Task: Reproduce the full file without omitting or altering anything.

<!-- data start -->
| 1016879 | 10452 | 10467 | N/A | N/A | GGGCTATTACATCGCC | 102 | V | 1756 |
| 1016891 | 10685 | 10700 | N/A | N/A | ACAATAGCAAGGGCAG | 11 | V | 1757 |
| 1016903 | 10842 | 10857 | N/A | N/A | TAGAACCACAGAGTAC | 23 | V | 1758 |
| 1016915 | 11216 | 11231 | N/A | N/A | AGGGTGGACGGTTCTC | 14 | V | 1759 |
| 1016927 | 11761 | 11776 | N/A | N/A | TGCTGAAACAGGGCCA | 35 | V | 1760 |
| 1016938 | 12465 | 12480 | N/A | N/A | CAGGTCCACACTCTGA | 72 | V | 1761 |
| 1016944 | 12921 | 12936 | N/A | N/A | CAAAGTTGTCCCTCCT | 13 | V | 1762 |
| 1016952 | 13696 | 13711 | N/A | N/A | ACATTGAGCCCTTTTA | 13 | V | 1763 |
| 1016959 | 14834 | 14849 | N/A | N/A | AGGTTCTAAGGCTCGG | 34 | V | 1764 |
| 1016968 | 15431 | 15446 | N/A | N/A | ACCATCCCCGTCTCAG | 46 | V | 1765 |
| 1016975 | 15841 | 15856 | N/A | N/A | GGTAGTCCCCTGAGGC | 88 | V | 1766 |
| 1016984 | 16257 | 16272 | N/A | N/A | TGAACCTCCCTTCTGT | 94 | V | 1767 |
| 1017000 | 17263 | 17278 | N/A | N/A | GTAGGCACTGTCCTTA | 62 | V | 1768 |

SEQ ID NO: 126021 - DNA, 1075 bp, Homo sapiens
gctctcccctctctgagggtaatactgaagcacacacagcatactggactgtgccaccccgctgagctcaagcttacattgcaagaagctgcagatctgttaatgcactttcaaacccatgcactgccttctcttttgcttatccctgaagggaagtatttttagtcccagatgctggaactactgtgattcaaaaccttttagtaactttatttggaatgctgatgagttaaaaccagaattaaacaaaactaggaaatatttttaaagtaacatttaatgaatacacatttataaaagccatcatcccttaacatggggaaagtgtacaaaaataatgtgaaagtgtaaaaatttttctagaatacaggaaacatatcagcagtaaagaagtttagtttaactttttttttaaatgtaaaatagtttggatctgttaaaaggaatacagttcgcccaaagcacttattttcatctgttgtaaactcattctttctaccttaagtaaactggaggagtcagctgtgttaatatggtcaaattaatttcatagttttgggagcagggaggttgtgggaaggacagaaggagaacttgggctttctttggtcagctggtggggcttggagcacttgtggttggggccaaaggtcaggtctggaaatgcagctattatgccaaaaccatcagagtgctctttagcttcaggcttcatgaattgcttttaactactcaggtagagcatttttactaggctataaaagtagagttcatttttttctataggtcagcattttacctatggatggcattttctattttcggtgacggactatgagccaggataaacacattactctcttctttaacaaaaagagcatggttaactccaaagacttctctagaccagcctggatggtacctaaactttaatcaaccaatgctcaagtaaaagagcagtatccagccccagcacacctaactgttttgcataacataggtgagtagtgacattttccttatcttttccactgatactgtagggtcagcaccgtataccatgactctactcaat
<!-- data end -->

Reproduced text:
| 1016879 | 10452 | 10467 | N/A | N/A | GGGCTATTACATCGCC | 102 | V | 1756 |
| 1016891 | 10685 | 10700 | N/A | N/A | ACAATAGCAAGGGCAG | 11 | V | 1757 |
| 1016903 | 10842 | 10857 | N/A | N/A | TAGAACCACAGAGTAC | 23 | V | 1758 |
| 1016915 | 11216 | 11231 | N/A | N/A | AGGGTGGACGGTTCTC | 14 | V | 1759 |
| 1016927 | 11761 | 11776 | N/A | N/A | TGCTGAAACAGGGCCA | 35 | V | 1760 |
| 1016938 | 12465 | 12480 | N/A | N/A | CAGGTCCACACTCTGA | 72 | V | 1761 |
| 1016944 | 12921 | 12936 | N/A | N/A | CAAAGTTGTCCCTCCT | 13 | V | 1762 |
| 1016952 | 13696 | 13711 | N/A | N/A | ACATTGAGCCCTTTTA | 13 | V | 1763 |
| 1016959 | 14834 | 14849 | N/A | N/A | AGGTTCTAAGGCTCGG | 34 | V | 1764 |
| 1016968 | 15431 | 15446 | N/A | N/A | ACCATCCCCGTCTCAG | 46 | V | 1765 |
| 1016975 | 15841 | 15856 | N/A | N/A | GGTAGTCCCCTGAGGC | 88 | V | 1766 |
| 1016984 | 16257 | 16272 | N/A | N/A | TGAACCTCCCTTCTGT | 94 | V | 1767 |
| 1017000 | 17263 | 17278 | N/A | N/A | GTAGGCACTGTCCTTA | 62 | V | 1768 |

SEQ ID NO: 126021 - DNA, 1075 bp, Homo sapiens
gctctcccctctctgagggtaatactgaagcacacacagcatactggactgtgccaccccgctgagctcaagcttacattgcaagaagctgcagatctgttaatgcactttcaaacccatgcactgccttctcttttgcttatccctgaagggaagtatttttagtcccagatgctggaactactgtgattcaaaaccttttagtaactttatttggaatgctgatgagttaaaaccagaattaaacaaaactaggaaatatttttaaagtaacatttaatgaatacacatttataaaagccatcatcccttaacatggggaaagtgtacaaaaataatgtgaaagtgtaaaaatttttctagaatacaggaaacatatcagcagtaaagaagtttagtttaactttttttttaaatgtaaaatagtttggatctgttaaaaggaatacagttcgcccaaagcacttattttcatctgttgtaaactcattctttctaccttaagtaaactggaggagtcagctgtgttaatatggtcaaattaatttcatagttttgggagcagggaggttgtgggaaggacagaaggagaacttgggctttctttggtcagctggtggggcttggagcacttgtggttggggccaaaggtcaggtctggaaatgcagctattatgccaaaaccatcagagtgctctttagcttcaggcttcatgaattgcttttaactactcaggtagagcatttttactaggctataaaagtagagttcatttttttctataggtcagcattttacctatggatggcattttctattttcggtgacggactatgagccaggataaacacattactctcttctttaacaaaaagagcatggttaactccaaagacttctctagaccagcctggatggtacctaaactttaatcaaccaatgctcaagtaaaagagcagtatccagccccagcacacctaactgttttgcataacataggtgagtagtgacattttccttatcttttccactgatactgtagggtcagcaccgtataccatgactctactcaat